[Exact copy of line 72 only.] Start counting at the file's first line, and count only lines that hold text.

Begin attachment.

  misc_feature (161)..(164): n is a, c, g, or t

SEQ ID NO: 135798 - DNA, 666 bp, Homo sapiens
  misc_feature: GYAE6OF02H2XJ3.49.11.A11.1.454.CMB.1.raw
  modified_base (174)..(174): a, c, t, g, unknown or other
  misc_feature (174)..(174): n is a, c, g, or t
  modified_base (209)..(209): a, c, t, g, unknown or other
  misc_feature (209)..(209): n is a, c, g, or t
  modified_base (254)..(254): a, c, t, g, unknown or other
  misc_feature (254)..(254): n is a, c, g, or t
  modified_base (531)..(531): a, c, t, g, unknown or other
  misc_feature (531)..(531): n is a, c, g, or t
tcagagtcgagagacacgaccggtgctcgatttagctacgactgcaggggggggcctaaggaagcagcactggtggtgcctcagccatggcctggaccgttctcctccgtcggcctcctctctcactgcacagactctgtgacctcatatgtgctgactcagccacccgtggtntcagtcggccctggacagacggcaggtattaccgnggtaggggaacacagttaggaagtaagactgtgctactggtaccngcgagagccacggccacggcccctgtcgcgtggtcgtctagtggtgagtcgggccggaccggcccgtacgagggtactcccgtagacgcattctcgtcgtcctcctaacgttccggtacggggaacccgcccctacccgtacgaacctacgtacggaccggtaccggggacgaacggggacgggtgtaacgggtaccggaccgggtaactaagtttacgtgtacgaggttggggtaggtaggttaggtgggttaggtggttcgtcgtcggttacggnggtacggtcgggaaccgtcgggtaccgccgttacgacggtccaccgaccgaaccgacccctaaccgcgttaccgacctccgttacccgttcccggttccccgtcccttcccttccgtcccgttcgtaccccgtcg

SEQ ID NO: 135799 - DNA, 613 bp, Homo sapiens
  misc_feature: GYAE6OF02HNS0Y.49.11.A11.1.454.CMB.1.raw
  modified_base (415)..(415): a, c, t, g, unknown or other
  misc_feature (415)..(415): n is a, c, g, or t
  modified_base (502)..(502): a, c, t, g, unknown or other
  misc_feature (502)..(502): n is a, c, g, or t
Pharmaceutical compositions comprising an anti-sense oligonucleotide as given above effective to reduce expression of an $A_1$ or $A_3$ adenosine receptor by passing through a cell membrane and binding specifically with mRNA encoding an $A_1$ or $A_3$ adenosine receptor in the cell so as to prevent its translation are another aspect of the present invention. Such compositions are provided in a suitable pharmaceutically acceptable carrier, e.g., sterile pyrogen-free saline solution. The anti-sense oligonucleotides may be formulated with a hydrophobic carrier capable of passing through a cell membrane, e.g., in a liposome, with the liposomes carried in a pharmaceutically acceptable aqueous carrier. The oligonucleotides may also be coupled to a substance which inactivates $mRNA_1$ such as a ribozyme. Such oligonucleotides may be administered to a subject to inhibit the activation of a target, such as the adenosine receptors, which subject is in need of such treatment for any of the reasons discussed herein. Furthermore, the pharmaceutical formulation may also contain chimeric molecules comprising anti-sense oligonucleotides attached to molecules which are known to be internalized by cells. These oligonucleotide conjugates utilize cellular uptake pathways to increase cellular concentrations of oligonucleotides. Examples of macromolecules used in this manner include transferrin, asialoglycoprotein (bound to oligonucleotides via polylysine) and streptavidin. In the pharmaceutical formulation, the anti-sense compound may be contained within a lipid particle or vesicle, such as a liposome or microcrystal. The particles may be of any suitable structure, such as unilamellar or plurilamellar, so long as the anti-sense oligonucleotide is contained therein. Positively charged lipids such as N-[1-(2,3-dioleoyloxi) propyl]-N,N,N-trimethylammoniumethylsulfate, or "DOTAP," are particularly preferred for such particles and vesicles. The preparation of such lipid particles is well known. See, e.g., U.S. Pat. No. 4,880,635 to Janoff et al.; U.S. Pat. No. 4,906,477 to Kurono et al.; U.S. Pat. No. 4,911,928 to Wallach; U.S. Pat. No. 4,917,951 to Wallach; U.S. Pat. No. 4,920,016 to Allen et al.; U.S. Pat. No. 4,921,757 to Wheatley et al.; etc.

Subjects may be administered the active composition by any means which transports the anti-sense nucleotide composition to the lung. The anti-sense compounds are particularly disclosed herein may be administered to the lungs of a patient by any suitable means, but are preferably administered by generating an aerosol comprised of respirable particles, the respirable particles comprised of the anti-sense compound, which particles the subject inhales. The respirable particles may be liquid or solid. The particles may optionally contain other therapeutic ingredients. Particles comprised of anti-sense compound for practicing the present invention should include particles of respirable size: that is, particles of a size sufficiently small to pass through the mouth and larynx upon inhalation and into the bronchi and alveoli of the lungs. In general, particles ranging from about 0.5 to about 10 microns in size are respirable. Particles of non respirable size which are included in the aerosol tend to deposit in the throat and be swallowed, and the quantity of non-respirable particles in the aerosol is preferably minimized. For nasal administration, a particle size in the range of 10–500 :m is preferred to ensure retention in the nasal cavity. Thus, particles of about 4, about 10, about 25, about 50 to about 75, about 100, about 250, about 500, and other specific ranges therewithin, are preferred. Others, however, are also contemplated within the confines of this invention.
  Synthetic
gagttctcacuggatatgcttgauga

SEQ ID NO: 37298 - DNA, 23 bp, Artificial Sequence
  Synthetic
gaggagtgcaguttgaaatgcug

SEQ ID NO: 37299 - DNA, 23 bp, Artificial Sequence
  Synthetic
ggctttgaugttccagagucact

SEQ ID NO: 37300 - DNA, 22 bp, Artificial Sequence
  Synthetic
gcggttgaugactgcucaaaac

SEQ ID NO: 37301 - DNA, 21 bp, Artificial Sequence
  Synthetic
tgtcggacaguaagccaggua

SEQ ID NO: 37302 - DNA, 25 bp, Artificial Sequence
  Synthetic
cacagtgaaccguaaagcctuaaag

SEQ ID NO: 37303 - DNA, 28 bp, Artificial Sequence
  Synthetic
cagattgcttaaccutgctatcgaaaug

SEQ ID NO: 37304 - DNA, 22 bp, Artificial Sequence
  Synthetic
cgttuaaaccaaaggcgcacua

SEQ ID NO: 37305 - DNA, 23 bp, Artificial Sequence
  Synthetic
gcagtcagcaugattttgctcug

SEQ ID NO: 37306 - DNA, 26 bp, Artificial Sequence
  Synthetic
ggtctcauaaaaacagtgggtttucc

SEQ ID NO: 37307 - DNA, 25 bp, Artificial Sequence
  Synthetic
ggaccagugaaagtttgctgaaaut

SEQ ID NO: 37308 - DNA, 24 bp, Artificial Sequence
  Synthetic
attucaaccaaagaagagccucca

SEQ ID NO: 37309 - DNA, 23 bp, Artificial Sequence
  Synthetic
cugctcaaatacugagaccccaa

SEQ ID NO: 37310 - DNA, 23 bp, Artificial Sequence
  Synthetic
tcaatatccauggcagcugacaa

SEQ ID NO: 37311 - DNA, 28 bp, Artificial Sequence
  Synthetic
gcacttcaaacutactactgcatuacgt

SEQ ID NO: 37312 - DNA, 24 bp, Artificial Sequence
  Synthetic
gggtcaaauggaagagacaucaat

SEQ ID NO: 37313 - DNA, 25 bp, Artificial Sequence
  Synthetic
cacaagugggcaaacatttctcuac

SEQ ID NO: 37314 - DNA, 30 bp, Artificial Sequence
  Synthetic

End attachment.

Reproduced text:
  Synthetic